Grant Robertson:

“This kind of legislation is the simple stuff, the meaningless stuff. The hard work of the criminal justice area in trying to make sure that we rehabilitate people and reintegrate them into society is not what we hear from National. 

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The true test of being committed to democracy is to say that even if people have committed some of these crimes, we still fundamentally believe that they have a human right to vote. If we want people to rehabilitate and reintegrate into society, we need to give them a chance to be involved in society. Virtually every person who is covered by the extension of this law, the 2,000 or 3,000 people who are sentenced each year to less than 3 years in prison, will end up back in society. We are not talking here—though with the mistake that National has made, it almost is—about people sentenced to life imprisonment. That is already in the law. Every single one of the people to whom this extension applies will be back in society. What we should be doing is working out how we reintegrate those people into society and how we contribute to rehabilitation. Instead, we have petty, spiteful legislation that does nothing to make our communities safer.”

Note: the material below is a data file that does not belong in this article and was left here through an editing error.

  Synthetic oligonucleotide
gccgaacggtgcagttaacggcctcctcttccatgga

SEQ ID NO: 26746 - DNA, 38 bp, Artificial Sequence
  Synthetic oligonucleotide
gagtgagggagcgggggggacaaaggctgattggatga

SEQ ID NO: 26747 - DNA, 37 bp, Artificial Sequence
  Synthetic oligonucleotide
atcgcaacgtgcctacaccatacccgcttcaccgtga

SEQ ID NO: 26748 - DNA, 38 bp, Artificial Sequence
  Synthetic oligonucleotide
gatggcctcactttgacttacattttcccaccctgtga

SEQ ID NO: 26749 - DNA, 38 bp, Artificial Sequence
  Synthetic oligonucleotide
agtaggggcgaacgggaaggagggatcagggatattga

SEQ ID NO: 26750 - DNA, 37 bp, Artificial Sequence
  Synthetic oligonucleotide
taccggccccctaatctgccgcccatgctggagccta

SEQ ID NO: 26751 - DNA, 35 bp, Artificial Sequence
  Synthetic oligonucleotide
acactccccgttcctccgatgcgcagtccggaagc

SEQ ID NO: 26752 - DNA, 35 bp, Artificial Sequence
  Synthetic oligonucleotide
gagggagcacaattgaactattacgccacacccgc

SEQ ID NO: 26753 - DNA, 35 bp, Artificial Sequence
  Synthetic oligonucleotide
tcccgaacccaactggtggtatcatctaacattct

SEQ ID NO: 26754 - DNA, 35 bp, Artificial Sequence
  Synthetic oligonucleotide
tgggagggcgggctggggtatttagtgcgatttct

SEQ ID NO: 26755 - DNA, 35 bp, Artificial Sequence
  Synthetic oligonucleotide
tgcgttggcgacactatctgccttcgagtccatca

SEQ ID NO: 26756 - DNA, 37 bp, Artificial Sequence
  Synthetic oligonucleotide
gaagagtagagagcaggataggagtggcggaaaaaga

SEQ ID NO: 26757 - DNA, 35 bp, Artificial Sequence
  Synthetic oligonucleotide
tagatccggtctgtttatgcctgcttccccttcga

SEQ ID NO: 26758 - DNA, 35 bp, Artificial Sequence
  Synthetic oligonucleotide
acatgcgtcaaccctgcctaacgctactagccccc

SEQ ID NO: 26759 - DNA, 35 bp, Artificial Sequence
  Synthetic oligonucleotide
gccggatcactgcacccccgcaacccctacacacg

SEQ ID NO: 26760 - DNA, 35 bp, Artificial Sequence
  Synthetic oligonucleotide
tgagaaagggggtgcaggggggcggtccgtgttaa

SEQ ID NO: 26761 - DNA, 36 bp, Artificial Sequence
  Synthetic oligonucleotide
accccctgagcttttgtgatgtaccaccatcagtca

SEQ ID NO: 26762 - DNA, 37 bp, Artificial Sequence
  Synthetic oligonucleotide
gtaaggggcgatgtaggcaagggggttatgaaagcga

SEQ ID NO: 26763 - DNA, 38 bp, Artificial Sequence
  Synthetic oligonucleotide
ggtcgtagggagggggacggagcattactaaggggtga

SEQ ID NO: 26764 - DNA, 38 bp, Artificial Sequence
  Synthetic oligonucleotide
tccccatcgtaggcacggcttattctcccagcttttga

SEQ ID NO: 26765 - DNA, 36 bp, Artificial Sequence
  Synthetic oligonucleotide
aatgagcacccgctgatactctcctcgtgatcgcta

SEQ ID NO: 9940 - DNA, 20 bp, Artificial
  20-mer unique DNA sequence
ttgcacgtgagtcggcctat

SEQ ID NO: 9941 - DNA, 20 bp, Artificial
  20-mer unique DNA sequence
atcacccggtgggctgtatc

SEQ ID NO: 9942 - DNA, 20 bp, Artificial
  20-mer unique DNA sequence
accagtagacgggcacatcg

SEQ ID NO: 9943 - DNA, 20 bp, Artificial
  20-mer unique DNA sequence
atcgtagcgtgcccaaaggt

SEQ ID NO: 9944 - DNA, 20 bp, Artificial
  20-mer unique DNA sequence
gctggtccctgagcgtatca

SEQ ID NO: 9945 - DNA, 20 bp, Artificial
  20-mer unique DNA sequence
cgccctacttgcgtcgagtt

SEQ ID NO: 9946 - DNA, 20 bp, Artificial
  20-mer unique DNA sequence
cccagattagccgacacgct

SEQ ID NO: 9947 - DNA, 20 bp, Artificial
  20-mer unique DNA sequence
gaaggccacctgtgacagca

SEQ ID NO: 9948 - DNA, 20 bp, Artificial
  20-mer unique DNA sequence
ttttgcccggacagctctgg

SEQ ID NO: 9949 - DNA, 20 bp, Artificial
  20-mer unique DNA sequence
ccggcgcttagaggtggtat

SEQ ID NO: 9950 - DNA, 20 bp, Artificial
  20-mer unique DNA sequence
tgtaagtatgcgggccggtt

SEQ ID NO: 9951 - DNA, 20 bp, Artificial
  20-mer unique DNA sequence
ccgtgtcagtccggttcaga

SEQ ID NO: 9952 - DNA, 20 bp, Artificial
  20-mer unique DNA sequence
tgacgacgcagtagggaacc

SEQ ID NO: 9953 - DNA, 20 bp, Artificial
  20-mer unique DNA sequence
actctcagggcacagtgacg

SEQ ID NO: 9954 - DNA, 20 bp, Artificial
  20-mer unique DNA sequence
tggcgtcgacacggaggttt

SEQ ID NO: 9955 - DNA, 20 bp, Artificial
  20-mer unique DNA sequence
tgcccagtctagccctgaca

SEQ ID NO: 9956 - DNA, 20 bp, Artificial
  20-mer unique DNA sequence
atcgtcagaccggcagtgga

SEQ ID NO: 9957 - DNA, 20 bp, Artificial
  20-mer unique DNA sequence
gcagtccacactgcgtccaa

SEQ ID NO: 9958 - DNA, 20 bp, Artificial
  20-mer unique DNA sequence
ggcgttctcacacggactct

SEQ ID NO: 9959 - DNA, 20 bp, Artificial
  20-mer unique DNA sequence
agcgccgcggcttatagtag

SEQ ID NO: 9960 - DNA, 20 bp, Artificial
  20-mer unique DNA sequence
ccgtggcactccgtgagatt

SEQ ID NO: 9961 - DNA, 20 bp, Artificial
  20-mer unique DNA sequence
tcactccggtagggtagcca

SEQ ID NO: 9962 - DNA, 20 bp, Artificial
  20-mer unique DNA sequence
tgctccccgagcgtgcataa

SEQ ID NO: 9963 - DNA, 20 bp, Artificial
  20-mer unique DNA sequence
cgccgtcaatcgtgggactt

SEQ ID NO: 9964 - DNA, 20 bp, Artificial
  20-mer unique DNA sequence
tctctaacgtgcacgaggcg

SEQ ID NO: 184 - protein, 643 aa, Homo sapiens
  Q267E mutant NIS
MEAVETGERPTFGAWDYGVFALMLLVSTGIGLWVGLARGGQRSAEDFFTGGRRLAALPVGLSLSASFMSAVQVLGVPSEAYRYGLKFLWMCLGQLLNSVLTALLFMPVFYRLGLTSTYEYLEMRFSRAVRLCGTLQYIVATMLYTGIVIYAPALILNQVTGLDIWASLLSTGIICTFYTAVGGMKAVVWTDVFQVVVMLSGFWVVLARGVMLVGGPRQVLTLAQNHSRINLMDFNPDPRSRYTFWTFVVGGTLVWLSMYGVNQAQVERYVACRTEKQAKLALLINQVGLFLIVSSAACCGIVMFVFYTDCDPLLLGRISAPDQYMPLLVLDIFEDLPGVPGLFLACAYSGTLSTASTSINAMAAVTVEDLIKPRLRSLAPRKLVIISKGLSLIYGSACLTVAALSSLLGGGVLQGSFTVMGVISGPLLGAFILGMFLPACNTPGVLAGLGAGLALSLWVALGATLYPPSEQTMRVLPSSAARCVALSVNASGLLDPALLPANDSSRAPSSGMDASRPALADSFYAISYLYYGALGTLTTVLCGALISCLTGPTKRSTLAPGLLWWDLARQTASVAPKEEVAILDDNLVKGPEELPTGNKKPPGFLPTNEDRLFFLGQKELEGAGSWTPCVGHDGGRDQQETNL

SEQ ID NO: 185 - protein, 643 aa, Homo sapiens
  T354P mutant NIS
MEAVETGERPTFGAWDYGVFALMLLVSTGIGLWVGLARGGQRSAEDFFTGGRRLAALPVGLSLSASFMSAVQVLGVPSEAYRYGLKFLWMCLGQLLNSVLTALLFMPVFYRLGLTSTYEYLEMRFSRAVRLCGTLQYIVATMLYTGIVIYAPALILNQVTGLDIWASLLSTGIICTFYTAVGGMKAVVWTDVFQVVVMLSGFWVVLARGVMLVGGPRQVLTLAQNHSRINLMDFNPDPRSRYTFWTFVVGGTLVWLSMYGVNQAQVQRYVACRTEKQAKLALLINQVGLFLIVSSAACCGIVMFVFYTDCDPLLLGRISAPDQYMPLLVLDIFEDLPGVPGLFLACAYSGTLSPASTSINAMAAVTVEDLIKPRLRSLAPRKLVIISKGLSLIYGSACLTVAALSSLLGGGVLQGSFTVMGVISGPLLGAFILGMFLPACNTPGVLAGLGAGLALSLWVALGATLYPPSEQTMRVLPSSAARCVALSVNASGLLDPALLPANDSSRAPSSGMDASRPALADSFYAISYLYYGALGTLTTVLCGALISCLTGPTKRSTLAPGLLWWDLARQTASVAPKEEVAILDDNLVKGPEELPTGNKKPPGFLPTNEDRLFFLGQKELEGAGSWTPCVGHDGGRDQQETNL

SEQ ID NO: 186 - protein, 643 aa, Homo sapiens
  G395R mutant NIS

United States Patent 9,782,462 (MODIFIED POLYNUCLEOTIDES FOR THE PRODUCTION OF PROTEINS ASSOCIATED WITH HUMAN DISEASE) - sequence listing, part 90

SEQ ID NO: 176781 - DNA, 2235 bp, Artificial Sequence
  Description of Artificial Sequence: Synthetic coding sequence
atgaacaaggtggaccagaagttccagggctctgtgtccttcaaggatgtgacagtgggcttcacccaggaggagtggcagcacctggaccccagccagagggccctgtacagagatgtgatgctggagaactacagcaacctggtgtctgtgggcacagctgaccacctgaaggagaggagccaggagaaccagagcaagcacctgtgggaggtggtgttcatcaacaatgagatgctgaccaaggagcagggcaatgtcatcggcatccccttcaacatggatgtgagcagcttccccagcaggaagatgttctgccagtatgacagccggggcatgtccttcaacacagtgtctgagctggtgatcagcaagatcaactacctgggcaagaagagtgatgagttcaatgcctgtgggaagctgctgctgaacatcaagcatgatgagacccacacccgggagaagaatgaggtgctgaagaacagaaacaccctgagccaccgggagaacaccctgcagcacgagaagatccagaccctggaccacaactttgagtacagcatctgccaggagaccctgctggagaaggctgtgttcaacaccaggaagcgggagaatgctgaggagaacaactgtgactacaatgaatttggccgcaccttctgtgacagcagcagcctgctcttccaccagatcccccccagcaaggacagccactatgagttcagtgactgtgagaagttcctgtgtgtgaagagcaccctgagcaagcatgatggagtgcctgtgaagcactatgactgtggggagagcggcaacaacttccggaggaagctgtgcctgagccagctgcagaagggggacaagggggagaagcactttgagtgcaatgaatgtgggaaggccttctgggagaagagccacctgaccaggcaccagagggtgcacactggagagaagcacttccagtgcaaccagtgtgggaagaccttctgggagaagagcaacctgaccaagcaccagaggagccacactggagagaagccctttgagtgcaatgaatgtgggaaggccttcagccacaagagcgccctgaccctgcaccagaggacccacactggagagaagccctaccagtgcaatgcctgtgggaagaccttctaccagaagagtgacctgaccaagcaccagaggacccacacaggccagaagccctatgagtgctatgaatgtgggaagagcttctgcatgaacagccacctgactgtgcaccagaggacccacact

Carmel Sepuloni:

“I look at the Electoral (Disqualification of Convicted Prisoners) Amendment Bill and think that it is so incredibly trivial and insignificant. The bill will bring about no change, and no positive repercussions, for New Zealand society.